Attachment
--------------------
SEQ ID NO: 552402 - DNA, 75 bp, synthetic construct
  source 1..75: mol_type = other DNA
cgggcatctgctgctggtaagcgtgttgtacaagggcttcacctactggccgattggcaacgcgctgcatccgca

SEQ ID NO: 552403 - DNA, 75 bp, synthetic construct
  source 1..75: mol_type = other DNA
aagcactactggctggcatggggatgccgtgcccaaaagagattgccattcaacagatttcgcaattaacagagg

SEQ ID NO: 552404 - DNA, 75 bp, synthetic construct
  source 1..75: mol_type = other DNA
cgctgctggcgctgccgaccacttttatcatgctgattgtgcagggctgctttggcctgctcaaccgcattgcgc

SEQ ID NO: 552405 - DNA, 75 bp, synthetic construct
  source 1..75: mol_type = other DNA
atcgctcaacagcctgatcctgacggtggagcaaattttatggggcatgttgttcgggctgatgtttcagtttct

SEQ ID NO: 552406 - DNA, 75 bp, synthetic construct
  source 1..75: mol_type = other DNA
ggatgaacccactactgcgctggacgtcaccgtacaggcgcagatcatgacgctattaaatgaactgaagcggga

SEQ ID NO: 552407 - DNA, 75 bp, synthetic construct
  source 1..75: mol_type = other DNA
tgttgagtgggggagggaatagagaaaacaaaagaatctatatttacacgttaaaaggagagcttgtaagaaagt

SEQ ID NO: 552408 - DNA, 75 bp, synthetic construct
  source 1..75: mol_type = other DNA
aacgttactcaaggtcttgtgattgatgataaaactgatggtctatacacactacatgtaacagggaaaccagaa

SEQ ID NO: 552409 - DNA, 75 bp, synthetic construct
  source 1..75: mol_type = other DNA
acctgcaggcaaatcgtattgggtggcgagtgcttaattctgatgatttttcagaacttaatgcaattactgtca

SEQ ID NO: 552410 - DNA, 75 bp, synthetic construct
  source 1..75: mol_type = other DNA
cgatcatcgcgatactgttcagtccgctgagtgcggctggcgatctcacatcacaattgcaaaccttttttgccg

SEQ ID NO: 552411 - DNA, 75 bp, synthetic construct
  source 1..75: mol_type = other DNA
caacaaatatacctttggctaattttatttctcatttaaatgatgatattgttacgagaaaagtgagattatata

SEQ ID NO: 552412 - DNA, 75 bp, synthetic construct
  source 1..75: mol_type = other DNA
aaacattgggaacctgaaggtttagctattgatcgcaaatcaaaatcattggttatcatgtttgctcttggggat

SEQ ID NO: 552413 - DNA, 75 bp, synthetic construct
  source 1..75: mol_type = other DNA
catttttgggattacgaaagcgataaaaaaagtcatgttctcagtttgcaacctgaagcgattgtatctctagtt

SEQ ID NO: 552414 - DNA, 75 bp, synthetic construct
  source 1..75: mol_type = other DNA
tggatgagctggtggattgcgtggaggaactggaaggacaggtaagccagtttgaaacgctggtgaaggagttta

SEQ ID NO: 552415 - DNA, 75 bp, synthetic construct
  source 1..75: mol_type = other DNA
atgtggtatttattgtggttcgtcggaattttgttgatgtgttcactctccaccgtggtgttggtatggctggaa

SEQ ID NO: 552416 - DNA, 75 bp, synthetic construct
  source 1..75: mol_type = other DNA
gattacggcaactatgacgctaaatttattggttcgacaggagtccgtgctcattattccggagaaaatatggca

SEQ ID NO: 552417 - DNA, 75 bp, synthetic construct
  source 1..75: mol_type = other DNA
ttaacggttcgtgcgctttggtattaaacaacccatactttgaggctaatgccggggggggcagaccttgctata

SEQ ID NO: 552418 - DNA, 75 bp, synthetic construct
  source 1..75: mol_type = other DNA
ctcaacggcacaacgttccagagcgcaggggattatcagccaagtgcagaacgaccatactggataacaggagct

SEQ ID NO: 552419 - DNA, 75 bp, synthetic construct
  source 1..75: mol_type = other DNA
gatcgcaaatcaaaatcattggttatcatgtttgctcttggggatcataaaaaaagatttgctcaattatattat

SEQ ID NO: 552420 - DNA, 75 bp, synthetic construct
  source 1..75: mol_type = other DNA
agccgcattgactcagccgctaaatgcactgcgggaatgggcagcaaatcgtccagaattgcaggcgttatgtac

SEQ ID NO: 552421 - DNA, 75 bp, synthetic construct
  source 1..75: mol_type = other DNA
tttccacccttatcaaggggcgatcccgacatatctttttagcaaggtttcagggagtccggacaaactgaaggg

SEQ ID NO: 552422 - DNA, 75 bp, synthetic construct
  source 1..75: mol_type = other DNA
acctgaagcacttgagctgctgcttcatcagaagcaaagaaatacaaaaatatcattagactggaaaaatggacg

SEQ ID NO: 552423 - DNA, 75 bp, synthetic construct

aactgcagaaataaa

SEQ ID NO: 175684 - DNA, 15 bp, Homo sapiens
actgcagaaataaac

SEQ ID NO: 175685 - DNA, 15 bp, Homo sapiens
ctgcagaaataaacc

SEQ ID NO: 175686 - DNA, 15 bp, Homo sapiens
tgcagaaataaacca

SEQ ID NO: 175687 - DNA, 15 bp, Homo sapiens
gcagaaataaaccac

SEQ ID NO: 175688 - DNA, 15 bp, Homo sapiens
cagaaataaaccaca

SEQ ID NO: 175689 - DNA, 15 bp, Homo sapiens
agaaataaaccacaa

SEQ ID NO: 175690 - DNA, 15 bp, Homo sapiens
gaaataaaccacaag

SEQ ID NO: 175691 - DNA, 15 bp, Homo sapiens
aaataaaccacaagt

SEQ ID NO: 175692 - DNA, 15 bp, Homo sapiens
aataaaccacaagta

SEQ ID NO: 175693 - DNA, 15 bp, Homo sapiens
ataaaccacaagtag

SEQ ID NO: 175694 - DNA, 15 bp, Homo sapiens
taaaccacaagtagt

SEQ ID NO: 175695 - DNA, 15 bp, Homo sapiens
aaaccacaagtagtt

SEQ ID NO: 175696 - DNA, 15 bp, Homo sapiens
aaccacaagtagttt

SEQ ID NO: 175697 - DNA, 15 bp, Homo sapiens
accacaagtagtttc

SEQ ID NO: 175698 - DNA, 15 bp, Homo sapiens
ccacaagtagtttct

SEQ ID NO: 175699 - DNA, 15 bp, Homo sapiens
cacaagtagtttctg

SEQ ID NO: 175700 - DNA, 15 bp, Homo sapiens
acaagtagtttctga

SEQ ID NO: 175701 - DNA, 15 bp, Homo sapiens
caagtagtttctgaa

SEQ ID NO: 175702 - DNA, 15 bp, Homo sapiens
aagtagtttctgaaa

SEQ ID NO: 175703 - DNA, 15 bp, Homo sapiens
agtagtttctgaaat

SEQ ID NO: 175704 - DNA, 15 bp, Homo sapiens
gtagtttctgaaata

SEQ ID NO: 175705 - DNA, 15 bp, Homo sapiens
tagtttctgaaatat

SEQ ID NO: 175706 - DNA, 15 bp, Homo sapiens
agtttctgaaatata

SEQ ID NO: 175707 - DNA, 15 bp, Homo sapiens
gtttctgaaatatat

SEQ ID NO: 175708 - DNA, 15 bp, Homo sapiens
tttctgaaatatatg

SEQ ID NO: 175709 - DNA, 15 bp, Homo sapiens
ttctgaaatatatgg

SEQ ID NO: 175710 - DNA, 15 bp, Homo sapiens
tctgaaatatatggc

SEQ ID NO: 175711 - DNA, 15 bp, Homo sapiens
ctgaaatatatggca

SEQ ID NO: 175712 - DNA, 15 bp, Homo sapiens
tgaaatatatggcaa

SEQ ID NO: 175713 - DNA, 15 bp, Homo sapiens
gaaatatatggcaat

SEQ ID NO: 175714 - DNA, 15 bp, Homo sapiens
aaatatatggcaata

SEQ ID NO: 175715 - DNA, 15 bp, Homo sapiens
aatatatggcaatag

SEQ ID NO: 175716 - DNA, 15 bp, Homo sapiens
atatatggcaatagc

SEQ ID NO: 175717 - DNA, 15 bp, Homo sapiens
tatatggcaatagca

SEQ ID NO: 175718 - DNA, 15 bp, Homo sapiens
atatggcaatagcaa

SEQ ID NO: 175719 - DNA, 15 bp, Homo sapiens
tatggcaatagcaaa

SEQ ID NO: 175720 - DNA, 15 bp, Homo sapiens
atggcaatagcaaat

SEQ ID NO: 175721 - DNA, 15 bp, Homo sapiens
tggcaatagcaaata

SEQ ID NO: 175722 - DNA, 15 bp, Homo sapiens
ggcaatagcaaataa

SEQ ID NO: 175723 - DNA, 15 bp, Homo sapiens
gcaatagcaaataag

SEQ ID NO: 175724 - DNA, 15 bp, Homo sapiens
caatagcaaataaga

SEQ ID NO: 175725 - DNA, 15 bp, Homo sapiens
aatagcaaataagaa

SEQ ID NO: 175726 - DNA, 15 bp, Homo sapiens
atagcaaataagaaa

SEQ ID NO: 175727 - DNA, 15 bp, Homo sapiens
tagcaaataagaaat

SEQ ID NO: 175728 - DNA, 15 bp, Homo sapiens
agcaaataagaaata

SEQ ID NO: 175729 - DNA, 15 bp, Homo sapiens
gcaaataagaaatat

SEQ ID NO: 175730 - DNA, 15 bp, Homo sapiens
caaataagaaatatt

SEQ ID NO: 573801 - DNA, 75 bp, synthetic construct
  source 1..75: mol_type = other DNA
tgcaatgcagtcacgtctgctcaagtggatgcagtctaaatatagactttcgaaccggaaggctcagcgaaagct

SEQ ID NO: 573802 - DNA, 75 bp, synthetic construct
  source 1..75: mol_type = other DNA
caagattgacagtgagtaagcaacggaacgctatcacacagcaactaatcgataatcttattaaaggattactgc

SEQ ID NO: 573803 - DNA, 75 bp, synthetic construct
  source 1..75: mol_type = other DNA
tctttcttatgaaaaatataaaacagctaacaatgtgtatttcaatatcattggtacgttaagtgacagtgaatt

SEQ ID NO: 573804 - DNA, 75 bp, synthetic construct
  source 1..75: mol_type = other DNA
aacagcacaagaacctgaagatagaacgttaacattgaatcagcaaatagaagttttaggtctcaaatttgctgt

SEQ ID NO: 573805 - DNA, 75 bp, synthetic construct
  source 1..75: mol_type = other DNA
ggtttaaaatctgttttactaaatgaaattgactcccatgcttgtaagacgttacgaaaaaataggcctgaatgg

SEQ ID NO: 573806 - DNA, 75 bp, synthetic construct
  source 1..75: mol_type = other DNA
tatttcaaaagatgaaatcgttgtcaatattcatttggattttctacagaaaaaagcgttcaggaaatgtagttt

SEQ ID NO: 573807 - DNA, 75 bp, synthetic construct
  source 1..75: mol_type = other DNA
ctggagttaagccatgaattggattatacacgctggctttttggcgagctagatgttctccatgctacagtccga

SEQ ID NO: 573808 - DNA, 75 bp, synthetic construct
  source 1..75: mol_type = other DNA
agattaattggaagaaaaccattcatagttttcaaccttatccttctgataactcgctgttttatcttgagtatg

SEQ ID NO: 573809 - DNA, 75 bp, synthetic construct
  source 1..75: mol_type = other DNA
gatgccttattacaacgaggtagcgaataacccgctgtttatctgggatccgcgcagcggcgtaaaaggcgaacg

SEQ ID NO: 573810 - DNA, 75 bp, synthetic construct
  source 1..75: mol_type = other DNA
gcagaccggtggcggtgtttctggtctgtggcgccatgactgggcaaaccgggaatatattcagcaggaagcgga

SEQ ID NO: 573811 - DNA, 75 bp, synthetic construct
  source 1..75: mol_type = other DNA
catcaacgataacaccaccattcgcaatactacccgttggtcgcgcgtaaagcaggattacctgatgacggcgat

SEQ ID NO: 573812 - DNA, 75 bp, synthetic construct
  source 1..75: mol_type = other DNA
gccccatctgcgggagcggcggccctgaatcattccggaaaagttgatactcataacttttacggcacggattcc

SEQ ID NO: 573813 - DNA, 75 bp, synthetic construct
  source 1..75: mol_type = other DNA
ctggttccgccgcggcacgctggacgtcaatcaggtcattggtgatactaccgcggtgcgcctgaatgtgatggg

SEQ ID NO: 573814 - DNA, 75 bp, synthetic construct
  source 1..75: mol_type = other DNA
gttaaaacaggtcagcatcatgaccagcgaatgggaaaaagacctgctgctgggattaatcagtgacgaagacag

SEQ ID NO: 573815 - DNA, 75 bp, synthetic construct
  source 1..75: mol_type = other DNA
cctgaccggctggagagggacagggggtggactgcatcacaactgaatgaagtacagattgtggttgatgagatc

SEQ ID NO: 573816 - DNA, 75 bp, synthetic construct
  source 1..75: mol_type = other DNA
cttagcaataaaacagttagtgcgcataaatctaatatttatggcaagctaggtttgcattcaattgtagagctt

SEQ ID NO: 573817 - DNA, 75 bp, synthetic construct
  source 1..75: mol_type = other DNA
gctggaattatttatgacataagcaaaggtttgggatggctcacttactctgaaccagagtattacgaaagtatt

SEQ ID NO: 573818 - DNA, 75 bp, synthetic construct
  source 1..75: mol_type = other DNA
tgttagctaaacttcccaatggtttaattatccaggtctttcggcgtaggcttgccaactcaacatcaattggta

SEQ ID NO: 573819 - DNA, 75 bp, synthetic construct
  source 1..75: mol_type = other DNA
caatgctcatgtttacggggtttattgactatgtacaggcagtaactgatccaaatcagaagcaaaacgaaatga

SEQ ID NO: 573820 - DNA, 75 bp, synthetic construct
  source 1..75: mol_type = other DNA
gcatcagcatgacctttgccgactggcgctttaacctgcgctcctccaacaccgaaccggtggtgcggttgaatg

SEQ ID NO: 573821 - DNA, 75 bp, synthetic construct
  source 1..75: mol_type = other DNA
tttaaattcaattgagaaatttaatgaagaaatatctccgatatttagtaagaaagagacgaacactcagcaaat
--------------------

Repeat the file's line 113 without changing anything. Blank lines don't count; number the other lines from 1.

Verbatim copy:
gtttctgaaatatat